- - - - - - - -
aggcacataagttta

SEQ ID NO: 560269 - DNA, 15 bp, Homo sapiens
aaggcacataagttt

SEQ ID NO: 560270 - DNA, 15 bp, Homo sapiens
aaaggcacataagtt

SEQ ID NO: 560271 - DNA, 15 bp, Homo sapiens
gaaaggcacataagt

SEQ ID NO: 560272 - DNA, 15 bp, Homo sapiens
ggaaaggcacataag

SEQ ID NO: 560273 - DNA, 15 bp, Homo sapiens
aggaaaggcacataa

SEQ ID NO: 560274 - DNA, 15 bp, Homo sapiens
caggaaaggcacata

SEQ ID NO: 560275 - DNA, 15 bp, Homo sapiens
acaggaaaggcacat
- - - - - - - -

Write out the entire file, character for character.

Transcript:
aggcacataagttta

SEQ ID NO: 560269 - DNA, 15 bp, Homo sapiens
aaggcacataagttt

SEQ ID NO: 560270 - DNA, 15 bp, Homo sapiens
aaaggcacataagtt

SEQ ID NO: 560271 - DNA, 15 bp, Homo sapiens
gaaaggcacataagt

SEQ ID NO: 560272 - DNA, 15 bp, Homo sapiens
ggaaaggcacataag

SEQ ID NO: 560273 - DNA, 15 bp, Homo sapiens
aggaaaggcacataa

SEQ ID NO: 560274 - DNA, 15 bp, Homo sapiens
caggaaaggcacata

SEQ ID NO: 560275 - DNA, 15 bp, Homo sapiens
acaggaaaggcacat